It has become a trite bumper sticker by this point, but the phrase ‘Keep calm and carry on’ does maintain a special resonance in entrepreneurialism.
It’s a pretty tumultuous game at the best of times, let alone when the UK is busy extricating itself from the EU and the single market. But entrepreneurs are a hardy lot. As James Walker, founder of Resolver, told BusinessZone recently, being successful in business requires “a degree of self-belief that’s hard to attain and maintain”.
In the conversations I’ve had with businesses about Brexit and leaving the single market, the recurrent theme has been a resolute pragmatism.
For the Bristol-based skateboard and clothing distributor Shiner, the biggest long-term threat is decreased access to the European market. Fifty percent of Shiner’s sales are in mainland Europe. The single market was a tremendous perk as you only paid a single duty on imports into the EU.
I was taught as a young lad that no one’s business should be more than 20% reliant on one thing.
But trade tariffs are still completely contingent on the forthcoming negotiations with the EU. If Theresa May’s government can’t wangle a free trade agreement, Shiner’s MD Charlie Allen says, then not much needs to change. But if they can’t, Shiner will need to assess their options. “We can’t pay two tariffs, for footwear and clothing in particular,” explains Allen.
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In that event, Shiner will split its operation with one warehousing solution in the UK and one warehousing solution in Europe. “We have already costed out going to Holland, which was pretty expensive, to be honest. But we’re also looking at another solution, which is third-party logistics where it's someone else's warehouse. It looks like the cheaper option. It’s a variable cost, so we can scale ourselves up and down as we need.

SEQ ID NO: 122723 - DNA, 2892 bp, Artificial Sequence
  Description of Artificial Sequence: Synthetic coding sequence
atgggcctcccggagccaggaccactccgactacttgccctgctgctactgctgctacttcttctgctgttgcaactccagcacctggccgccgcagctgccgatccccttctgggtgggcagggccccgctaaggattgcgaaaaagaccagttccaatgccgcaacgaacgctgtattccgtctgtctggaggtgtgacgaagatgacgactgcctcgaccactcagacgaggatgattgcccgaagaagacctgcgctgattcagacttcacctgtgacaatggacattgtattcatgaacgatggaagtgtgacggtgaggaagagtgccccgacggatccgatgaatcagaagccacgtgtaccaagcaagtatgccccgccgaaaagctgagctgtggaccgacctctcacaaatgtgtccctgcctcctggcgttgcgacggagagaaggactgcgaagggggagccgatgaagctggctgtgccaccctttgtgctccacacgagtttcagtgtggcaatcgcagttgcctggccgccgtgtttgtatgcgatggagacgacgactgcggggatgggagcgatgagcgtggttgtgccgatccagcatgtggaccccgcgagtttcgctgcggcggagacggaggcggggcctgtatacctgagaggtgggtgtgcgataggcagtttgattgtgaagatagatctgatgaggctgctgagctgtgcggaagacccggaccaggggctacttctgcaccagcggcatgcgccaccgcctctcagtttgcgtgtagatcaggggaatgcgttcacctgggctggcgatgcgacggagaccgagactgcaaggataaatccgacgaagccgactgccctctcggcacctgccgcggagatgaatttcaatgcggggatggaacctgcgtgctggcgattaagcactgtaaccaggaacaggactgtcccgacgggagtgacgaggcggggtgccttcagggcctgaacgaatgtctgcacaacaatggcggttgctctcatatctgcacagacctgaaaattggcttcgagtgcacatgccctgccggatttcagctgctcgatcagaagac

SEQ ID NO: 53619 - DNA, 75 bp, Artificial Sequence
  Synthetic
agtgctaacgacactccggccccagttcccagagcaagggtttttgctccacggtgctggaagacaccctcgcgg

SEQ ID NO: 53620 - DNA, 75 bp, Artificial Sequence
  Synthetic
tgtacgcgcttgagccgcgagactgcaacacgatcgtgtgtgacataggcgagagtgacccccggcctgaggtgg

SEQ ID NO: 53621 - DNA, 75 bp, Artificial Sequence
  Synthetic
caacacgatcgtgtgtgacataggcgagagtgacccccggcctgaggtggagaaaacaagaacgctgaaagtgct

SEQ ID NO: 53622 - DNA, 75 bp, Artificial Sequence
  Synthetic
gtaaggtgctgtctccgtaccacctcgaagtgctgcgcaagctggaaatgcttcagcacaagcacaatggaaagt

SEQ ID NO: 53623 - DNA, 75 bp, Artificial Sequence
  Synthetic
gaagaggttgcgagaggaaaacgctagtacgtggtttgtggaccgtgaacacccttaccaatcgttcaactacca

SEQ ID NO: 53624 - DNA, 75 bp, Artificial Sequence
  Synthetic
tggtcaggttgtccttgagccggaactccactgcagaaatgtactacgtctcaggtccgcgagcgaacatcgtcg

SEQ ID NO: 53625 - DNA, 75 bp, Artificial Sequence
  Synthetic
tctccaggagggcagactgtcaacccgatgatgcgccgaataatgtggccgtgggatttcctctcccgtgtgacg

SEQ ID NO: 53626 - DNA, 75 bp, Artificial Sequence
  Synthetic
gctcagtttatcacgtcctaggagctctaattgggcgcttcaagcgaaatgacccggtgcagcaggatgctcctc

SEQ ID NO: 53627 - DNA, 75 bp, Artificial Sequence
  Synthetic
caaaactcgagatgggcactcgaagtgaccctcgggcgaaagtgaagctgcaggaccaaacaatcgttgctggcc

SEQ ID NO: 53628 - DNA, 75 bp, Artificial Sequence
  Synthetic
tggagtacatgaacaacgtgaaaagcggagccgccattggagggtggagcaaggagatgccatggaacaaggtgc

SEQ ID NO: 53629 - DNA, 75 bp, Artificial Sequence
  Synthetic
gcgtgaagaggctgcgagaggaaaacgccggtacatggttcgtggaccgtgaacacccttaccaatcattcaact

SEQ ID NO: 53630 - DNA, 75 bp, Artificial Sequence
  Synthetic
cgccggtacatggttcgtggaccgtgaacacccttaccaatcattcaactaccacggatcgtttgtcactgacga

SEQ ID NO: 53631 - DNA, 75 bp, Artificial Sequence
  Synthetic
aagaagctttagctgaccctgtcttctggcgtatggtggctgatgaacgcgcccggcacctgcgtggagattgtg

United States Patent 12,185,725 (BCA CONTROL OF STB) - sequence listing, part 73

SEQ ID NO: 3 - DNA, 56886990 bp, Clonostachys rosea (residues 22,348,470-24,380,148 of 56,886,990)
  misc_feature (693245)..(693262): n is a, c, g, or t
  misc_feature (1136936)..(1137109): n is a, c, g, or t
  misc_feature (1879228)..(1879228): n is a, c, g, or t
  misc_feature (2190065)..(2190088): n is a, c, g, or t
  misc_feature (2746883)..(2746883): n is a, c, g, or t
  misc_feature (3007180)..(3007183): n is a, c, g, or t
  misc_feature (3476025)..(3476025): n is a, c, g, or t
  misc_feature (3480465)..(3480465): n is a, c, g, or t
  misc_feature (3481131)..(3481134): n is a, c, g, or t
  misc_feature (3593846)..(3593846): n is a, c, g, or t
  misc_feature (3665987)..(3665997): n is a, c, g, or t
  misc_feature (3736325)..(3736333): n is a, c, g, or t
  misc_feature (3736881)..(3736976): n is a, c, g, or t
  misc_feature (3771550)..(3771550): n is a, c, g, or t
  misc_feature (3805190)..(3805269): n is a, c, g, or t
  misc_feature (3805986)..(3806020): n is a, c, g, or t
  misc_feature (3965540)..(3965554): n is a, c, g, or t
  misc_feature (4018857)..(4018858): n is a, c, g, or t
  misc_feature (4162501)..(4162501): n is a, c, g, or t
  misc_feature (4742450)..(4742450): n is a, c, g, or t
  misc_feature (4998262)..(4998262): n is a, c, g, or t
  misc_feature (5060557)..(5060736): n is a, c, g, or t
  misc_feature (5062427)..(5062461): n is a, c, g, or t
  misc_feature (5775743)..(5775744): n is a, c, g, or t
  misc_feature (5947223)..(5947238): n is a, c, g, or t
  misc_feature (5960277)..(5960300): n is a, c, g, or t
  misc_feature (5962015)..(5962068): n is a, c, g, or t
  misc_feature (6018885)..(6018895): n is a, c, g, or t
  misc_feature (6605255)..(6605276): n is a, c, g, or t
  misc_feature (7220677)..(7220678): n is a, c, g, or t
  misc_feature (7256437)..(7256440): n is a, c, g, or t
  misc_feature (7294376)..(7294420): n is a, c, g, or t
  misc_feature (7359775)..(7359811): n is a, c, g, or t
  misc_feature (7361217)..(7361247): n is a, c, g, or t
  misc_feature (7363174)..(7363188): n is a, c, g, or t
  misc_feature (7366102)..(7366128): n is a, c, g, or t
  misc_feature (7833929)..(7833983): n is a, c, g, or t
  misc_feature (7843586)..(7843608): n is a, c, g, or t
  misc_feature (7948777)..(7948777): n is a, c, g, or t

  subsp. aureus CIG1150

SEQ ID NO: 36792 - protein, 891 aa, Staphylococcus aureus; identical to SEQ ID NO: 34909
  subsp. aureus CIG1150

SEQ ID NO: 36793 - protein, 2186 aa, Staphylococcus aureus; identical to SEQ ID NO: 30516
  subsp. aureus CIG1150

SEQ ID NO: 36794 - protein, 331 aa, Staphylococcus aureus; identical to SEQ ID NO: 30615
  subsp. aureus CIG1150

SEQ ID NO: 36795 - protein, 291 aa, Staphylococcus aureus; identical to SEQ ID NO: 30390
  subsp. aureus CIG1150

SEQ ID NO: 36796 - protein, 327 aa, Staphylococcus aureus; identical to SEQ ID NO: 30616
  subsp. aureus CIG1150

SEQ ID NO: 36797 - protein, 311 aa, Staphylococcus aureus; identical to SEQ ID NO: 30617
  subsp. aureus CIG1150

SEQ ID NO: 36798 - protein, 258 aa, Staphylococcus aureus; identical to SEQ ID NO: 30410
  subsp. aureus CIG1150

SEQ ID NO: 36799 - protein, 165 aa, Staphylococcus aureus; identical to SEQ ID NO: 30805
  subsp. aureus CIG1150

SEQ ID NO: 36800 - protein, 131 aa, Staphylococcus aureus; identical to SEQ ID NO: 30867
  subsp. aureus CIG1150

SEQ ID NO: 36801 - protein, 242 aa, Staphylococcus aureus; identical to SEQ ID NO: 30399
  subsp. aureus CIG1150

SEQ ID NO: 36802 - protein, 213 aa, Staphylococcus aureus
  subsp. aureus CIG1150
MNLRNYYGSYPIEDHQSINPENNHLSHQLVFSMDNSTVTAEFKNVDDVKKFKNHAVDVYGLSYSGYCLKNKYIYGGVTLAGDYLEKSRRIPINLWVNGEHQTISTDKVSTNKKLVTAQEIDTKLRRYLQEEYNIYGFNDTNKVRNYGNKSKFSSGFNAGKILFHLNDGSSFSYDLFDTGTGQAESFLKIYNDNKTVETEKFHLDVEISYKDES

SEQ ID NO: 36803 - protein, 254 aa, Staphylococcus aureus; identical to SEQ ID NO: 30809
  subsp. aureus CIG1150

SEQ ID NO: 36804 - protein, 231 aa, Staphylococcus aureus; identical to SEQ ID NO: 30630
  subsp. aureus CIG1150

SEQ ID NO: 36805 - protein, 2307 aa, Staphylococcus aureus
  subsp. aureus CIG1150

“We don’t envisage being in a position where we would be letting any staff go, but as we’re a growing business in Europe, we wouldn’t hire any additional staff in the UK.”
The menswear producer Dobell has already split up their warehouse operations. Their suits and smart wear are designed in the UK but produced in China. Currently, the products are shipped back to the UK en masse and distributed from Dobell’s UK HQ. But to protect itself from expected increases in tariffs, Dobell have set up fulfilment centres in Germany and Spain (with potential for more).
“When the shipment from China heads west, having crates of our volume products dropped off en route, thus bypassing the expected export costs,” says Keith White, Dobell’s head of marketing. “It will actually speed up delivery times for our popular products such as black slim fit tuxedos, wedding suits and bow ties.”
For Dobell, Brexit has created an interesting marketing prospect. “They say all PR is good PR, so we should try believing in that, and take advantage,” says White, appropriating P.T. Barnum’s famous maxim. “The opportunity for us, as UK businesses, is the almost free PR that Brexit creates for the UK.
For exporters, though, there’s a risk of falling into unambitious thinking.
“We’re doing so by promoting a resurgence in ‘British tailoring’, to countries within the EU and outside it, such as the US, which we aim to turn into our second biggest market over the next year (Germany currently holds that title).”
Sacha Cuff, marketing executive of the design agency RPA Design, echoes White’s thoughts. “Right now, British design and brand strategy services are highly valued internationally,” says Cuff.
“Our design capabilities, in particular, will always be sought out, regardless of where a client comes from and we therefore fully expect to have just as many European clients after Britain leaves the EU, and in the medium to long term we also expect our international business to grow.”
This vision of Britain as a new global business hub has been a central part of Theresa May’s recent speeches. “I want us to be a truly Global Britain – the best friend and neighbour to our European partners, but a country that reaches beyond the borders of Europe too,” the Prime Minister said in her landmark speech recently. “A country that goes out into the world to build relationships with old friends and new allies alike.”
Increasingly, the government has framed Brexit as an opportunity to transcend the British and European market and to look further afield. Rob Ward, the co-founder and director of the incubator Grocery Accelerator, told BusinessZone he has already noticed a change.